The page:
key topic

Retirement and late-life work

Retirement and pensions are major policy issues in most developed countries, which typically face slowing birth rates and increased longevity. As state retirement ages necessarily increase, more people will work later into their lives. This trend raises a number of issues, for individuals, employers, and society as a whole. Will more older workers mean fewer jobs for younger people? How can governments and companies help older workers find work and keep their skills up-to-date? How should state and private pensions be managed? And what implications will this have for where people choose to work and retire?

  • The effect of early retirement schemes on youth employment Updated

    Keeping older workers in the workforce longer not only doesn’t harm the employment of younger workers, but might actually help both

    René BöheimThomas Nice, October 2019
    The fiscal sustainability of state pensions is a central concern of policymakers in nearly every advanced economy. Policymakers have attempted to ensure the sustainability of these programs in recent decades by raising retirement ages. However, there are concerns that keeping older workers in the workforce for longer might have negative consequences for younger workers. Since youth unemployment is a pressing problem throughout advanced and developing countries, it is important to consider the impact of these policies on the employment prospects of the young.
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  • Retirement plan type and worker mobility

    Selection and incentives in retirement plans affect job transitions

    The relationship between retirement plan type and job mobility is more complex than typically considered. While differences in plan features and benefit structure may directly affect employees’ mobility decisions (“incentive effect”), the type of plan offered may also affect the types of employees a given employer attracts (“selection effect”), thereby affecting mobility through a second, indirect channel. At the same time, some employees may not be able to accurately assess differences between plan types due to limited financial literacy. These factors have implications for policymakers and employers considering retirement plan offerings.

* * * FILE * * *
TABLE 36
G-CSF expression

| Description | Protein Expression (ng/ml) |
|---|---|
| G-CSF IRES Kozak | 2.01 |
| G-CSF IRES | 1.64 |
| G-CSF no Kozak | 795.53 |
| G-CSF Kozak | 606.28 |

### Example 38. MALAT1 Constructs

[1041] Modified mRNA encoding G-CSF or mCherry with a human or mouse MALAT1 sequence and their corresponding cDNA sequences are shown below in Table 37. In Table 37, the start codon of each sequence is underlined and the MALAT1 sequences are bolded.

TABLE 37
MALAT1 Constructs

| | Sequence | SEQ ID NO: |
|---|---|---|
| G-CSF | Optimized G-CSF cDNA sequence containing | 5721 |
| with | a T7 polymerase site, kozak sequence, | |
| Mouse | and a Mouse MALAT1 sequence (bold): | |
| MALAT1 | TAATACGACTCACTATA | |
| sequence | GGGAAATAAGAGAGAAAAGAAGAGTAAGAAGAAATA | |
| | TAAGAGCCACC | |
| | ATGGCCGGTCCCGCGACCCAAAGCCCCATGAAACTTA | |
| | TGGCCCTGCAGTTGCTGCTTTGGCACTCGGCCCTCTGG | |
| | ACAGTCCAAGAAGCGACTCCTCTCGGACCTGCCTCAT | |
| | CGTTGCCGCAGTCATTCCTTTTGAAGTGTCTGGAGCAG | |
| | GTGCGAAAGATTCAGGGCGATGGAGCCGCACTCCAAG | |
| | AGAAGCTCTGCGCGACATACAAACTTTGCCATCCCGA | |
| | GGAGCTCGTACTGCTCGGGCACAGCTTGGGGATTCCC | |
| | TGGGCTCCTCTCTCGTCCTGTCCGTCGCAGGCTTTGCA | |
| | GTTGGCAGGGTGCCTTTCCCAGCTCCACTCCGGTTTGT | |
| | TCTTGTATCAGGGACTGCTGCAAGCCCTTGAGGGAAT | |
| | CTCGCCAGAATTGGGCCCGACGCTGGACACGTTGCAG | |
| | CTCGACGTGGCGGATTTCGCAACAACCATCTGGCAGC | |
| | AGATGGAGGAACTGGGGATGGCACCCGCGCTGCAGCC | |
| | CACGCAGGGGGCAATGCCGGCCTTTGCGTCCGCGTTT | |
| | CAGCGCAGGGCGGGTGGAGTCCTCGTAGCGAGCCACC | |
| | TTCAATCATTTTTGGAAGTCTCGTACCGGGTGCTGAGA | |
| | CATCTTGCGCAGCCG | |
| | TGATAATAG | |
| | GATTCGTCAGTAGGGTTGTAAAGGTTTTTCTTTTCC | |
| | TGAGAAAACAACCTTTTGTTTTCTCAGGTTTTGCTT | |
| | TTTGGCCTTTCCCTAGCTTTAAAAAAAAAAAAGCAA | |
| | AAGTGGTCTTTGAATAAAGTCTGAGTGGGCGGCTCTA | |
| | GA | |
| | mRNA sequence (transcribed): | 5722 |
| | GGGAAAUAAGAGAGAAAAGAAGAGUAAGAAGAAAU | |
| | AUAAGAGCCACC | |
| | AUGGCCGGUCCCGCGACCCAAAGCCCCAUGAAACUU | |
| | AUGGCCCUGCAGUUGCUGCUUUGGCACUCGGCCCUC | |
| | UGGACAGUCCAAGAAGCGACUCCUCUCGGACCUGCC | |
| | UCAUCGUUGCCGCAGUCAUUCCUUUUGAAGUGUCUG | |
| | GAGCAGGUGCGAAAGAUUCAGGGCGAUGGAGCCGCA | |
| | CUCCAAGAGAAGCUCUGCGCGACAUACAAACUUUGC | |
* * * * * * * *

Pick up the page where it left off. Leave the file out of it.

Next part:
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  • Redesigning pension systems Updated

    The institutional structure of pension systems should follow population developments

    Marek Góra, April 2019
    For decades, pension systems were based on the rising revenue generated by an expanding population (the so-called demographic dividend). As changes in fertility and longevity created new population structures, however, the dividend disappeared, but pension systems failed to adapt. They are kept solvent by increasing redistributions from the shrinking working-age population to retirees. A simple and transparent structure and individualization of pension system participation are the key preconditions for an intergenerationally just old-age security system.
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  • The portability of social benefits across borders

    With rising international migration, how transferable are benefits, and how can transferability be increased?

    Robert Holzmann, October 2018
    The importance of benefit portability is increasing in line with the growing number of migrants wishing to bring acquired social rights from their host country back to their country of residence. Failing to enable such portability risks impeding international labor mobility or jeopardizing individuals’ ability to manage risk across their life cycle. Various instruments may establish portability. But which instrument works best and under what circumstances is not yet well-explored.
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  • The complex effects of retirement on health

    Retirement offers the potential for improved health, yet also creates the risk of triggering bad health behavior

    Andreas Kuhn, March 2018
    Retirement offers the opportunity to give up potentially risky, unhealthy, and/or stressful work, which is expected to foster improvements in retirees’ health. However, retirement also bears the risk that retirees suffer from the loss of daily routines, physical and/or mental activity, a sense of identity and purpose, and social interactions, which may lead them to adopt unhealthy behaviors. Depending on the relative importance of the different mechanisms, retirement may either improve or cause a deterioration of retirees’ health, or eventually have no effect on it at all.
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  • Where do immigrants retire to?

    Immigrants’ retirement decisions can greatly affect health care and social protection costs

    Augustin De Coulon, September 2016
    As migration rates increase across the world, the choice of whether to retire in the host or home country is becoming a key decision for up to 15% of the world’s population, and this proportion is growing rapidly. Large waves of immigrants who re-settled in the second half of the 20th century are now beginning to retire. Although immigrants’ location choice at retirement is an area that has barely been studied, this decision has crucial implications for health care and social protection expenditures, both in host and origin countries.
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